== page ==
Things like saying "levain" is the French word for "sourdough," so (not a direct quote) "you can call it sourdough if you want to, but I shall refer to it as a levain for I am the King of
Dec 07, 2020 rated it it was amazing
Shelves: 2020, cookbook
This is my new go to reference book for bread. I make the Saturday loaves each week for my neighbor check in and their faces light up each time. I have tried switching to other kinds of bread, but each time my neighbors sheepishly thank me for whatever I have made, and then gush about the bread from this book. Invest in a few cast iron dutch ovens, cut out parchments slings to drop the bread in, and you are going to be in heaven. The addition of a few structured folds and time makes for a fantas ...more
Jan 19, 2021 rated it really liked it
Forkish, who is a self-described “obsessive” when it comes to bread, provides a complete overview of bread-baking in this cookbook. While I remain very excited to try out his recipes, and appreciate how he builds the cookbook from easy to more difficult recipes, his process is a tad intimidating for me as a home cook. The temperature ranges he gives, for example, are quite small bands, and the process he describes is, at times, painstakingly detailed and granular. I get that this is what is need ...more
Jun 09, 2017 rated it it was amazing
Shelves: non-fiction
THIS BOOK. I renewed it from the library three times and now I am just going to buy it. I baked almost every loaf in here, and I LOVED reading the bits about his bakery and his own journey into bread baking. I make better focaccia than any U.S. restaurant I have been to, now. My two Field Blend #1 loaves I baked last weekend didn't even last one day, my friends came over and devoured them. Makes my baker's heart sing! ...more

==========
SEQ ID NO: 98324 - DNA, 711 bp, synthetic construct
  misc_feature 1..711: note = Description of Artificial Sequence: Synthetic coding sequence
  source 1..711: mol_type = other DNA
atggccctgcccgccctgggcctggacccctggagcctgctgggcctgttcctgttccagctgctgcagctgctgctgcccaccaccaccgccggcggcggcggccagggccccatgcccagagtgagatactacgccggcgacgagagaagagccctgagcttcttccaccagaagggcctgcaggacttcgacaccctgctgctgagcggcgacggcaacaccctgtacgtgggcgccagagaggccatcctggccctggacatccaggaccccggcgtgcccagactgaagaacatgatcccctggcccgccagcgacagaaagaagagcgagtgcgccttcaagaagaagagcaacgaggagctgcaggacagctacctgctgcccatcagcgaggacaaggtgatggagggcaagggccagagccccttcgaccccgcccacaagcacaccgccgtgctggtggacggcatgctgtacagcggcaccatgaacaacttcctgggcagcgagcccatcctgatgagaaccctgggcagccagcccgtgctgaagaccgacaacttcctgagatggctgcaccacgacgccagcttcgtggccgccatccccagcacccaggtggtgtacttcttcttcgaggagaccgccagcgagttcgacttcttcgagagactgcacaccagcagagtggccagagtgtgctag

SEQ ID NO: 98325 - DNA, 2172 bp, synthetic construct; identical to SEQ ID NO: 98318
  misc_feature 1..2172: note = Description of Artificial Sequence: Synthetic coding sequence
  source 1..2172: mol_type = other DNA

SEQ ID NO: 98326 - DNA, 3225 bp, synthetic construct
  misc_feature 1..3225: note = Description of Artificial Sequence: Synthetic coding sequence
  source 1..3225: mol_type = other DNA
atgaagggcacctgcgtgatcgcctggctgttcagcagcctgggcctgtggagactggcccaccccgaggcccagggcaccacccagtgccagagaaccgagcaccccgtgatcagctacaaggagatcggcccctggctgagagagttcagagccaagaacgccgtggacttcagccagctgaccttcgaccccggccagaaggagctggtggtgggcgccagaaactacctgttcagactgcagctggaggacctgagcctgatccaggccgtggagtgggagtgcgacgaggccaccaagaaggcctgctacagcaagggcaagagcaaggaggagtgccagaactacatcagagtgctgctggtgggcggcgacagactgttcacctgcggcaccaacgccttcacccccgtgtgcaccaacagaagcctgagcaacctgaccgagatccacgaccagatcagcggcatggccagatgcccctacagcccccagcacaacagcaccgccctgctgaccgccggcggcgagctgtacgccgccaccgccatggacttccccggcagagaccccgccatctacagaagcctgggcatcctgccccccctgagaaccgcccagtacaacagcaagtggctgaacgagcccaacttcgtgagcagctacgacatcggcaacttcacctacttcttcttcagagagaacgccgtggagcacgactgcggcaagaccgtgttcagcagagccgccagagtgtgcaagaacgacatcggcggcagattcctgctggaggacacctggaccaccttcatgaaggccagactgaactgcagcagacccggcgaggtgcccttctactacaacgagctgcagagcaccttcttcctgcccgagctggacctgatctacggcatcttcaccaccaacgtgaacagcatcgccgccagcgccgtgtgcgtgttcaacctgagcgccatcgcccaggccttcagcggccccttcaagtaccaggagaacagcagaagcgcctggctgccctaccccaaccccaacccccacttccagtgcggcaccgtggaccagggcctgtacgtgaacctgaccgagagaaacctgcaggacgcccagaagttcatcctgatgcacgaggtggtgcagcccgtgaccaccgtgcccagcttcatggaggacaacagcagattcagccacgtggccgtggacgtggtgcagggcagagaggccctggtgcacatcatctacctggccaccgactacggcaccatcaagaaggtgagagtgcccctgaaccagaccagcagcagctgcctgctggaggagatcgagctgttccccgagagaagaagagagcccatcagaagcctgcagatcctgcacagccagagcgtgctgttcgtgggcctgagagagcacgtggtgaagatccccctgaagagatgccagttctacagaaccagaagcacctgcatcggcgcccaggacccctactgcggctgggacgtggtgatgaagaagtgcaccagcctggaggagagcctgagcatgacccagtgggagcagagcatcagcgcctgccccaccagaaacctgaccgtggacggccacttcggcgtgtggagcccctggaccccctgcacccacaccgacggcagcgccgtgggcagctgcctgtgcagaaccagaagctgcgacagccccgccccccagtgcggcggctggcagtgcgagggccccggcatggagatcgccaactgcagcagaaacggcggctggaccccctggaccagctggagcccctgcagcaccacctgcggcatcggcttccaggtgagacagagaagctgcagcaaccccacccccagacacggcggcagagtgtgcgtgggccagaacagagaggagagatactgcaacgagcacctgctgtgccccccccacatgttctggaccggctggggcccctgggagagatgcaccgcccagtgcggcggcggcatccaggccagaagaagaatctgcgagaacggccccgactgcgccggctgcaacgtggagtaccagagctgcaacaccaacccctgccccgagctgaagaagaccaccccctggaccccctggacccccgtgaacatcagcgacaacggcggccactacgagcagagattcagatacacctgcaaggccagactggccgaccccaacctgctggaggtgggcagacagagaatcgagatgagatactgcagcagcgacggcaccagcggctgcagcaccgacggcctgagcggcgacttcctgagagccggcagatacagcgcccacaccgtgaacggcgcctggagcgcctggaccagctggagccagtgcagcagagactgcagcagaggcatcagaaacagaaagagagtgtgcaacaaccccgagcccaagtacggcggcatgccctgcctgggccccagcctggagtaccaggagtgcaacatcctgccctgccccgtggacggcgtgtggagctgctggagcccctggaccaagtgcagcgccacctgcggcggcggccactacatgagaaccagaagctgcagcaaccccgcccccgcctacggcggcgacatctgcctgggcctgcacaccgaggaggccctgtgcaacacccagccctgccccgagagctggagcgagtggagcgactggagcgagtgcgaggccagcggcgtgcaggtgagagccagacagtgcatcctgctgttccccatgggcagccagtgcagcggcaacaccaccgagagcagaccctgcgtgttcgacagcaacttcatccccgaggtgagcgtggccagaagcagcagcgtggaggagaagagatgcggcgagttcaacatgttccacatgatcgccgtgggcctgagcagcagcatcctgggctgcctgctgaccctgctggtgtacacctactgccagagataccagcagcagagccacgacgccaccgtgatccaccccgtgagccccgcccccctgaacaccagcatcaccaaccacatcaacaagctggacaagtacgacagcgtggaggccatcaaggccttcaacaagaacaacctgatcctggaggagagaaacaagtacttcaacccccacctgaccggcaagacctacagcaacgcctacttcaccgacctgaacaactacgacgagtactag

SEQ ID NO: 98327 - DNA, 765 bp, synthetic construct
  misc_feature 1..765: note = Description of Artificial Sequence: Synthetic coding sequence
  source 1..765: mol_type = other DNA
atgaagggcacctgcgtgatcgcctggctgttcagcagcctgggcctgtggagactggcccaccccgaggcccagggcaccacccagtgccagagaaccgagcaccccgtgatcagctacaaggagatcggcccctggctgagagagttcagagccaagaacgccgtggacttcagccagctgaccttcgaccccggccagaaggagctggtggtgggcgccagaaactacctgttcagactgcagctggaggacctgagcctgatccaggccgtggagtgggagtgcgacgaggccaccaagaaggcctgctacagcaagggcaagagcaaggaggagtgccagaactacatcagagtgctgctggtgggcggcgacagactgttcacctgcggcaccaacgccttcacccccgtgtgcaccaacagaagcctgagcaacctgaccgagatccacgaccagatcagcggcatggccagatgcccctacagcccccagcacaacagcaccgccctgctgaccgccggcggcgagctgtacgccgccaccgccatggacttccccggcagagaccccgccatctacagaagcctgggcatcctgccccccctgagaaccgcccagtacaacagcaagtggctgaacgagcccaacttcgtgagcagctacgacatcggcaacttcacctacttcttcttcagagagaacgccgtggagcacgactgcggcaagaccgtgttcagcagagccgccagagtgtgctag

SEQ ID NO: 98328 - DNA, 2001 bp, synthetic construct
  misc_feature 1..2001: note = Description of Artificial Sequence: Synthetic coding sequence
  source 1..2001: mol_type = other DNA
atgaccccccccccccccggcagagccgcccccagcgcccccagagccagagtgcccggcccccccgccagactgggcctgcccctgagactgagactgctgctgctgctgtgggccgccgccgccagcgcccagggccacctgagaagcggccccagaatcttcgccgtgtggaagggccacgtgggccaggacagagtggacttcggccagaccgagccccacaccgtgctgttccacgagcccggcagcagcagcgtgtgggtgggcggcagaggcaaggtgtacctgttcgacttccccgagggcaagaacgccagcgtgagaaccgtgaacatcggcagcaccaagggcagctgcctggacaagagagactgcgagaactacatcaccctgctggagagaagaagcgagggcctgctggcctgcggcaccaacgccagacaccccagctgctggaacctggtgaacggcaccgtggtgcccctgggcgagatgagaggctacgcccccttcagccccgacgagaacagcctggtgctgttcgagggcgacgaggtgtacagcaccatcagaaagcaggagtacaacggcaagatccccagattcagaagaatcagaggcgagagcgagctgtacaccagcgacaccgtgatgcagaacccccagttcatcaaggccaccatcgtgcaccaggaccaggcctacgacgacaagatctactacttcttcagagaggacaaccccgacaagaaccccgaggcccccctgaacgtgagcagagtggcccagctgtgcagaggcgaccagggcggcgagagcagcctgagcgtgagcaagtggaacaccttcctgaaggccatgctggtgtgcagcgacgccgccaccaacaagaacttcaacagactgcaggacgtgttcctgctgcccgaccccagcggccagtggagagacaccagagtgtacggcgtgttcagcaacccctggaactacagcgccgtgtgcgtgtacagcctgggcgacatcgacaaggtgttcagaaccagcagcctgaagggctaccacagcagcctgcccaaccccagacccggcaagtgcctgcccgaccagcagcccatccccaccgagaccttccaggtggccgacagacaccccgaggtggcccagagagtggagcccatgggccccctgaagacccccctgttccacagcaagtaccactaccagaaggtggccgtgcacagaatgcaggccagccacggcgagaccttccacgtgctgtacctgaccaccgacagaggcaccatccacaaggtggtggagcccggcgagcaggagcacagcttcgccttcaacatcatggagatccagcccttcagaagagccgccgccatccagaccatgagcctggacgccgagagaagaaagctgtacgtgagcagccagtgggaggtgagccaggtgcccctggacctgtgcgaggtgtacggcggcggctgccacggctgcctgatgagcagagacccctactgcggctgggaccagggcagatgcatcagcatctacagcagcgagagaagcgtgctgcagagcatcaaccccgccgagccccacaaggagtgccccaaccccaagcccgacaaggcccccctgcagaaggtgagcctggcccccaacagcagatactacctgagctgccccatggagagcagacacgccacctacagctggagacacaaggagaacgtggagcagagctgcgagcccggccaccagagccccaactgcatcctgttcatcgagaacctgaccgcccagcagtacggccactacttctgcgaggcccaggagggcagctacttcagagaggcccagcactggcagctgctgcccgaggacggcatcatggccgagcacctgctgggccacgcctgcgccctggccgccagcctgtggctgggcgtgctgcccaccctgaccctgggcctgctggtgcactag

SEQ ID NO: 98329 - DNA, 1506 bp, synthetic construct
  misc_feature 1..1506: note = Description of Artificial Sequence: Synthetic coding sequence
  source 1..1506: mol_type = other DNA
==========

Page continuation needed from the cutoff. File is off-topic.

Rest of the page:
Spencer Mize
Aug 15, 2020 rated it it was amazing
I reserve the right to change this rating as I attempt the recipes. That said, this book is exactly the step up I was looking for. I've made good progress in my breads and crusts by reading bloggers, but I was missing the "why" behind ratios and techniques. This book clarified many items on vernacular and process while being approachable, realistic (we can't all wake at 3 am to start our baking day!), and flexible. ...more
Oct 15, 2018 rated it it was amazing
Shelves: owned, 2018
I enjoyed this book because of the bottom-up approach to bread-making -- the author explains the basics and the science behind making bread. I also liked the focus on artisanal bread and recipes that use time as an ingredient. The instructions are easy to follow even for someone new to baking and the bread is fantastic.
Oct 09, 2017 rated it it was amazing to apply my learnings! It will NOT be a low-carb winter in Minnesota.
Jan 01, 2018 rated it it was amazing
So I'm just about ready to run off and start my own rustic bakery. Very inspiring and gorgeous pictures! ...more
Tyler Hoffman
Jul 10, 2019 rated it it was amazing
Great book that focuses on just four ingredients, using variations in time and temperature. Will look into purchasing this one.
Mar 21, 2020 rated it it was amazing
The bread I’ve made from this book is always delicious. He breaks the science of breadmaking down so well that even *I* can understand. I also appreciate that he provides the knowledge and tools for creating your own unique percentages. LOVE this book.
Jul 02, 2020 rated it it was amazing
An inspirational baking book! I am no way near being able to make anything in this but I loved pouring over the recipes!